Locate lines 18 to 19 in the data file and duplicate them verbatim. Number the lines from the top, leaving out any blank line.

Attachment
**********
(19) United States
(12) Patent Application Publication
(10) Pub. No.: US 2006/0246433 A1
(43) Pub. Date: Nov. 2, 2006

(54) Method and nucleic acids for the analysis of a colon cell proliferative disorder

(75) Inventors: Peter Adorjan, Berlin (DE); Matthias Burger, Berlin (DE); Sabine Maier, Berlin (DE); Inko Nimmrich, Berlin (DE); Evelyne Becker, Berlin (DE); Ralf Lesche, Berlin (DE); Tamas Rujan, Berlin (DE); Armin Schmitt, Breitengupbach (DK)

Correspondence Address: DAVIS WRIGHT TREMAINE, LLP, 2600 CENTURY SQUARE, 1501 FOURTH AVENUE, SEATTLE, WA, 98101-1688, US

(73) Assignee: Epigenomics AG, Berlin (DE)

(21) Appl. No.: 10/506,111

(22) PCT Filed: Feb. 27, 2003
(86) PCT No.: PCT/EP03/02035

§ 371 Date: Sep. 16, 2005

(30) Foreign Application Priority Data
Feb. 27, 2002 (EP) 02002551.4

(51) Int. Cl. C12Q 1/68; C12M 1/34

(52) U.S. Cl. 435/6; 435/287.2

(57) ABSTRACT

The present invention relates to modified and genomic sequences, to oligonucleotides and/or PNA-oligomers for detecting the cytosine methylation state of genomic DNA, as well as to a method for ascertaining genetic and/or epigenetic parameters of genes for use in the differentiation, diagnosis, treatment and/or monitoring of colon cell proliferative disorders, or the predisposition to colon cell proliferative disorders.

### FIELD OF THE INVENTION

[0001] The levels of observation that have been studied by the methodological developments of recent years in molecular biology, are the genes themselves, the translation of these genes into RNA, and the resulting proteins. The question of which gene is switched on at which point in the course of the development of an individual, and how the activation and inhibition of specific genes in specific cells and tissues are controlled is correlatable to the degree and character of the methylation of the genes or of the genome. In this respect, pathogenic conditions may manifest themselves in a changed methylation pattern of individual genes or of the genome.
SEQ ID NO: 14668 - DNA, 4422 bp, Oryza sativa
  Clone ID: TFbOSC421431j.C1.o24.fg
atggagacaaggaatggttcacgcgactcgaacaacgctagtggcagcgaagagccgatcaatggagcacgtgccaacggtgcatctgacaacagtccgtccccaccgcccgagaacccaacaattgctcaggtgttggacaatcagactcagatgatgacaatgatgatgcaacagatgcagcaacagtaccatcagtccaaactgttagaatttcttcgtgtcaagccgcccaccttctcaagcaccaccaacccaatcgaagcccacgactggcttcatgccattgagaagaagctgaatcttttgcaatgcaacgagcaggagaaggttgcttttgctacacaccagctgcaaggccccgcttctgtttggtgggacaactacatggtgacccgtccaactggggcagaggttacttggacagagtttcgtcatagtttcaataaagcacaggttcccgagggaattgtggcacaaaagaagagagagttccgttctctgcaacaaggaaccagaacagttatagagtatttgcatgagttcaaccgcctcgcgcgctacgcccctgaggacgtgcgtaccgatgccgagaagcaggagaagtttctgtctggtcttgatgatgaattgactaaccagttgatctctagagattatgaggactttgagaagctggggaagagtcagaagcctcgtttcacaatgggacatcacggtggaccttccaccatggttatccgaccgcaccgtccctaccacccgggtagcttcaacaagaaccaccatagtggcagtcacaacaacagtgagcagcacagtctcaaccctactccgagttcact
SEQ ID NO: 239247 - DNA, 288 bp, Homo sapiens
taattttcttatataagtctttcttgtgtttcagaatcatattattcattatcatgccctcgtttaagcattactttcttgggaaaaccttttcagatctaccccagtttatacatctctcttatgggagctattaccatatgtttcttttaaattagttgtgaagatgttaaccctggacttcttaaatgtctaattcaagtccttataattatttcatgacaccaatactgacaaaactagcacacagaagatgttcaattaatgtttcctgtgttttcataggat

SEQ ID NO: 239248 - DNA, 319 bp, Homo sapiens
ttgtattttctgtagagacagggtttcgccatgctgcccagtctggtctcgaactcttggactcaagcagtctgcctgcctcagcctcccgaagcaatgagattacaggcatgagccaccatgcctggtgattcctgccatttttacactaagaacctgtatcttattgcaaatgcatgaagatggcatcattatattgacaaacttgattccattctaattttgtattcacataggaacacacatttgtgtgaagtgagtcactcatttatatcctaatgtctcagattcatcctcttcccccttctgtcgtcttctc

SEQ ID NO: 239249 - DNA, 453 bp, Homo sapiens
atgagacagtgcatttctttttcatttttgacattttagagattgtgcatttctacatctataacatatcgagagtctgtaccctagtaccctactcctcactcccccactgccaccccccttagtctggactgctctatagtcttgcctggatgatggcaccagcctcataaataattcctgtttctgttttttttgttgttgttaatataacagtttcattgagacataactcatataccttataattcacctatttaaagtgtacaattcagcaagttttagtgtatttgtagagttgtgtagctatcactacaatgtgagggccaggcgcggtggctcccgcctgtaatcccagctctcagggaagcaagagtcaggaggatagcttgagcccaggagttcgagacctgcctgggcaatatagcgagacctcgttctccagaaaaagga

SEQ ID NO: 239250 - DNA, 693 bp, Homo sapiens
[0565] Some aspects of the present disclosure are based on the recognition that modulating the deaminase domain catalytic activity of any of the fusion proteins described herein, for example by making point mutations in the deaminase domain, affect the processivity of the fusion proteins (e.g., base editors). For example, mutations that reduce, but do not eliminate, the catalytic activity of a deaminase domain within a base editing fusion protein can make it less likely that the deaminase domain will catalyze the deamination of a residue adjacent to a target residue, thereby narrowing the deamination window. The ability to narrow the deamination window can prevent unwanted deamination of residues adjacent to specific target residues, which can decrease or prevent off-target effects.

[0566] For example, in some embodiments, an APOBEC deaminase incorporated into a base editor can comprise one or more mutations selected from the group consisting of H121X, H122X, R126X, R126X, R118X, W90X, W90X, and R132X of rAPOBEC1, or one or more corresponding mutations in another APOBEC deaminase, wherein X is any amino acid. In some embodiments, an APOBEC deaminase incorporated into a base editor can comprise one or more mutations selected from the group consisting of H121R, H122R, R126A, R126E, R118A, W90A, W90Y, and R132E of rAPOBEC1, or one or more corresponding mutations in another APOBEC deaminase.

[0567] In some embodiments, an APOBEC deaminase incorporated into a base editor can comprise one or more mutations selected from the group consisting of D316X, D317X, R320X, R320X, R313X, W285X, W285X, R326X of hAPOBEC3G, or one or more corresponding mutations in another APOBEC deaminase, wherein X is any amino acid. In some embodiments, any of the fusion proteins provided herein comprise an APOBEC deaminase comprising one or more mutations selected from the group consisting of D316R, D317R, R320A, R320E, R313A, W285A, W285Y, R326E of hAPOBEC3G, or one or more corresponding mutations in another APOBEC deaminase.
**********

The present invention relates to modified and genomic sequences, to oligonucleotides and/or PNA-oligomers for detecting the cytosine methylation state of genomic DNA, as well as to a method for ascertaining genetic and/or epigenetic parameters of genes for use in the differentiation, diagnosis, treatment and/or monitoring of colon cell proliferative disorders, or the predisposition to colon cell proliferative disorders.

### FIELD OF THE INVENTION